This is all really a moot issue until the takeover happens in 2015; for now, my primary concern is making sure that I get myself a taping of The Colbert Report sooner rather than later. I now have a deadline. And while this answers one question, there is still the speculation of what Comedy Central is going to do with their 11:30 time slot. The possibilities there are far less limited – they could try to do another show like The Colbert Report as a companion to The Daily Show or they could go in an entirely new direction. The network is far more likely to do something innovative and they certainly are not risk averse; the options are kind of exciting. Perhaps once I finish my sitcom pitch for NBC, I should work on my development ideas for Comedy Central.

What do you think about the announcement of Stephen Colbert as the new host of The Late Show? What do you think Comedy Central will do with their newly vacant time slot? Sound off in the comments below.

Pop Culture Odds and Ends – Everything Old is New Again Edition

Hollywood is all out of ideas; that is the only conclusion I can draw from this installment of pop culture odds and ends, as the links are littered with stories about reboots and spinoffs. Original thought just doesn’t seem to exist anymore. Chances are if you loved something in the last 20 years, you’ll get to experience it all over again with a new version for the next generation. I’m not necessary against the idea of recycling ideas, but it is happening way too frequently now. Is nothing sacred?

While I sound like a crabby old lady and tell some kids to get off my lawn, enjoy your biweekly roundup of pop culture stories that you might have missed.

  • Marvel has announced that they will develop four original series for Netflix that focus on Daredevil, Jessica Jones, Iron Fist and Luke Cage, followed by a The Defenders miniseries.
  • 21 new characters will appear on Game of Thrones this season. Here’s the list and the actors attached. *spoilers*
  • The NY Times has a story on Fallon taking over The Tonight Show in February. He says he has his first guest in mind; I’ll be happy to do it Jimmy!
  • A local sports anchor did his entire segment as Ron Burgundy for Halloween:

 

  • Wu-Tang Clan’s Enter the Wu-Tang is 20 years old. We’re getting old, pals. But Wu
  • Notre Dame alum Regis Philbin re-enacted the Janitor’s speech from Rudy:

 

  • Adam McKay wants to make a movie about Ron Burgundy’s dog and kid going on adventures. I would totally watch this.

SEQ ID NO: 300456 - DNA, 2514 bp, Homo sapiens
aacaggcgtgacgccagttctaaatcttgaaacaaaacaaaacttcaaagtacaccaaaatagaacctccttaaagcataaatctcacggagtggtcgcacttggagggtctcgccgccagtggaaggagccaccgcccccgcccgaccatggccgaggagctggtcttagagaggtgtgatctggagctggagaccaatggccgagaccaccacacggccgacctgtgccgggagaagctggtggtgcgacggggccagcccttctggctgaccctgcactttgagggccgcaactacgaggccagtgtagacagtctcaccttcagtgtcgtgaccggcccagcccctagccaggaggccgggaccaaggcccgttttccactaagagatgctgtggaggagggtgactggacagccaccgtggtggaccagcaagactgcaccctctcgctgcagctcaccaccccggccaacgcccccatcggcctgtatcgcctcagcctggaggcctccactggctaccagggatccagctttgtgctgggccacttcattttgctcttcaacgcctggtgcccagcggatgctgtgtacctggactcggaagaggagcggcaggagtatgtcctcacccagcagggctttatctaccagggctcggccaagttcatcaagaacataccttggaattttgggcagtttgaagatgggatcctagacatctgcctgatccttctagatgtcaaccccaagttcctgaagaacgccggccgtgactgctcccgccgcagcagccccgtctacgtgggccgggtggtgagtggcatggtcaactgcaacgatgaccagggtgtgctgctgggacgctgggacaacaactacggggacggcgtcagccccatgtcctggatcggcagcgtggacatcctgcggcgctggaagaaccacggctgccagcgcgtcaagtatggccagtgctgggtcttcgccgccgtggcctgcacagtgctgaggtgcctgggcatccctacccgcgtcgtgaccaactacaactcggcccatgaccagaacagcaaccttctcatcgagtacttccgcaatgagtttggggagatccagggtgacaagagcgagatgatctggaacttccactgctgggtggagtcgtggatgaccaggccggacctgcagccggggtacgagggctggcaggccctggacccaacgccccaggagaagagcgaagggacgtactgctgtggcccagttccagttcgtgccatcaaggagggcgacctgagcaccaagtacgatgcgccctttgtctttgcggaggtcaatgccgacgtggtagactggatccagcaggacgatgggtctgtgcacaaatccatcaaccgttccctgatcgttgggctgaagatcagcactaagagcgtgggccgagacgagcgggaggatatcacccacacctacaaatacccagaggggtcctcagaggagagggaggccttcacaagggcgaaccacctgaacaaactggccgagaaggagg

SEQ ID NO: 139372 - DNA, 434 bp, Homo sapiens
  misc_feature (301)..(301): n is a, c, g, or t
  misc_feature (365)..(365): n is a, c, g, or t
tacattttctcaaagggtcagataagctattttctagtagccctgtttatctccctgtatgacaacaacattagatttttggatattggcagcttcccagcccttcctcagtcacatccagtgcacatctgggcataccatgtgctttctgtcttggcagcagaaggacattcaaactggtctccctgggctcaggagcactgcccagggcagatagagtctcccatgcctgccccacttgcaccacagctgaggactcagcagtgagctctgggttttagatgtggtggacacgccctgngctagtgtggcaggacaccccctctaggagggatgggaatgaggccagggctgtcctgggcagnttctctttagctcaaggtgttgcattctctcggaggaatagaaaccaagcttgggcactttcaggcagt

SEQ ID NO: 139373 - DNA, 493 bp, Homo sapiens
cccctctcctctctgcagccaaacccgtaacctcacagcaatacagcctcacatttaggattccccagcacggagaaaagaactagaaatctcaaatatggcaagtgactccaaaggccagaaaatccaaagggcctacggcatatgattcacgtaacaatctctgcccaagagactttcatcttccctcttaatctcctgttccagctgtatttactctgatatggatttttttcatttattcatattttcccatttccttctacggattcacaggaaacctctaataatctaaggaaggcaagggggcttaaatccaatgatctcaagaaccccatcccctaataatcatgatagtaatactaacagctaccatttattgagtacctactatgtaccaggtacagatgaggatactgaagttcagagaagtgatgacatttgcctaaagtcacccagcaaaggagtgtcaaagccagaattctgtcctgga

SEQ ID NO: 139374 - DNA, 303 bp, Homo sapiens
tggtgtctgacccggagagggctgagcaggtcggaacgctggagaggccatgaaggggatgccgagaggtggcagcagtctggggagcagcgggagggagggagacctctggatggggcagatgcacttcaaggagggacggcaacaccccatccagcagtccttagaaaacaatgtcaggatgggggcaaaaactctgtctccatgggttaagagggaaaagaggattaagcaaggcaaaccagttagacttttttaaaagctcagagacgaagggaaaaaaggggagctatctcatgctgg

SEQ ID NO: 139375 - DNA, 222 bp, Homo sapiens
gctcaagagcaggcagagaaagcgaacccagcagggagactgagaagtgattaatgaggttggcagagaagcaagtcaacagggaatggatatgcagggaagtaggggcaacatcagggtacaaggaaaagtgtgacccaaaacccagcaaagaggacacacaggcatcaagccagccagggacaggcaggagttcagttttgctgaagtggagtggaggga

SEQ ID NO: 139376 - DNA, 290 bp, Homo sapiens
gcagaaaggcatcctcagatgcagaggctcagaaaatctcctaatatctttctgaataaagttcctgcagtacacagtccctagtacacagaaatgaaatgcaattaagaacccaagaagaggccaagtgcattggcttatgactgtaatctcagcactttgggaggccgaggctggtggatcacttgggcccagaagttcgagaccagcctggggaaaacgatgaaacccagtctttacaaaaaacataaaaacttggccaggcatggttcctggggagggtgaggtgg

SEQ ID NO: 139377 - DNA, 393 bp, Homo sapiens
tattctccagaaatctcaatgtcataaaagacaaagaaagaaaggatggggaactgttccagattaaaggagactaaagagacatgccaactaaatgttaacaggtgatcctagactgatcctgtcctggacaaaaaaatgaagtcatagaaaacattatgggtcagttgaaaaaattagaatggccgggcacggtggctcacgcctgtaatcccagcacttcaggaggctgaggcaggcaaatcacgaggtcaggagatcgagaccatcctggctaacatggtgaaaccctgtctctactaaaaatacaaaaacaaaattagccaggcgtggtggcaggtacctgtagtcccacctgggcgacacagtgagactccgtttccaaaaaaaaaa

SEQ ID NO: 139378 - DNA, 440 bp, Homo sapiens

• Dave Grohl played with the Zac Brown Band at the CMAs.
  • A study found that PG-13 movies are actually more violent than R movies.
  • Kate Upton may be the female lead in the Entourage movie. I didn’t think it was possible for me to want to see this movie any less. I was wrong.
  • Oh man – I love these Comedy Central spots featuring Loki:

 

  • Ali G is coming to FXX as part of a deal with Sacha Baron Cohen.
  • Hear The National’s song from the Hunger Games: Catching Fire soundtrack:

 

  • Lorde covered Tears for Fears for the soundtrack as well:
  • The History Channel is remaking Roots. 10 years ago I would have thought this was maybe an OK idea, but now that the History Channel lineup features shows about aliens and Swamp People, they have lost all credibility.
  • Bruno Mars released a new Gorilla remix featuring R. Kelly and Pharrell:

 

  • If you looking for some clarification about the ending of Thor: The Dark World, Slash Film has got you covered. *SPOILERS*
  • Jimmy Fallon let Harrison Ford pierce his ear. For reals:

 

  • The Fifty Shades of Grey movie won’t be released until February 2015.
  • Miley covered Lana Del Rey’s “Summertime Sadness”

 

  • A new initiative tries to get people to read and recite the Gettysburg Address. Plenty of politicians have participated, but so have Stephen Colbert, Jimmy Kimmel, Conan O’Brien and Louis C.K.
  • I liked this sweet LEGO commercial:

 

  • The wrecking ball sculpture at GVSU will be reinstalled; it was removed after students rode it to parody the Miley Cyrus video.
  • Ylvis’ hit “The Fox” is going to be a children’s book. I’m guessing the same will not happen for their follow up song “Massachusetts.” Definitely not for kids (NSFW either):

 

  • HAHA….sorry Packers, but Dawson delivered a pretty good burn:

Screen-Shot-2013-11-11-at-1.07.23-PM

 

  • Beyoncé fans have started a petition asking her not to attend Kim Kardashian and Kanye West’s wedding. For the record, I would totally attend a Kimye wedding.
  • What in the HELL did Lucky magazine do to Kerry Washington? Step away from the Photoshop.

kerry-washington-lucky

  • Rumors that a certain actress wouldn’t be appearing much in season 2 of Orange is the New Black may have been exaggerated.
  • Pitbull will host the American Music Awards.
  • Oscar the Grouch and Grumpy Cat hung out. The opposite of hilarity ensued.

 

  • The future for an Ender’s Game sequel is unclear.
  • Lauren Manzo from Real Housewives of New Jersey is engaged.

Trailers

  • A teaser trailer for Looking on HBO.

 

  • Doctor Who 50th Anniversary Trailer:

 

  • Colin Farrell and Russell Crowe in Winter’s Tale:

 

  • How I Met Your Mother is doing an all rhyming episode. Here’s a sneak peek:

 

  • The new Robocop trailer:

 

  • Paranormal Activity: The Marked Ones:

 

  • A Case of You with Peter Dinklage, who frankly deserves better:

 

A teaser trailer for Angelina Jolie’s Maleficent:

 

As always, we end with the supercuts and mashups:

  •  Cats remake The Hunger Games:

 

  • I shouldn’t have found this M.C. Thor “Hammer Time” rap as funny as I did.

 

  • Jimmy Kimmel re-cut Thor: The Dark World to be a romantic comedy (Thor Actually):

 

  • Sherlock gets the Friends opening credits treatment:

 

  • And finally, David Hasselhoff “sings” the Fresh Prince of Bel-Air theme song:

If that doesn’t make you smile, I don’t know what will.

Happy Wednesday!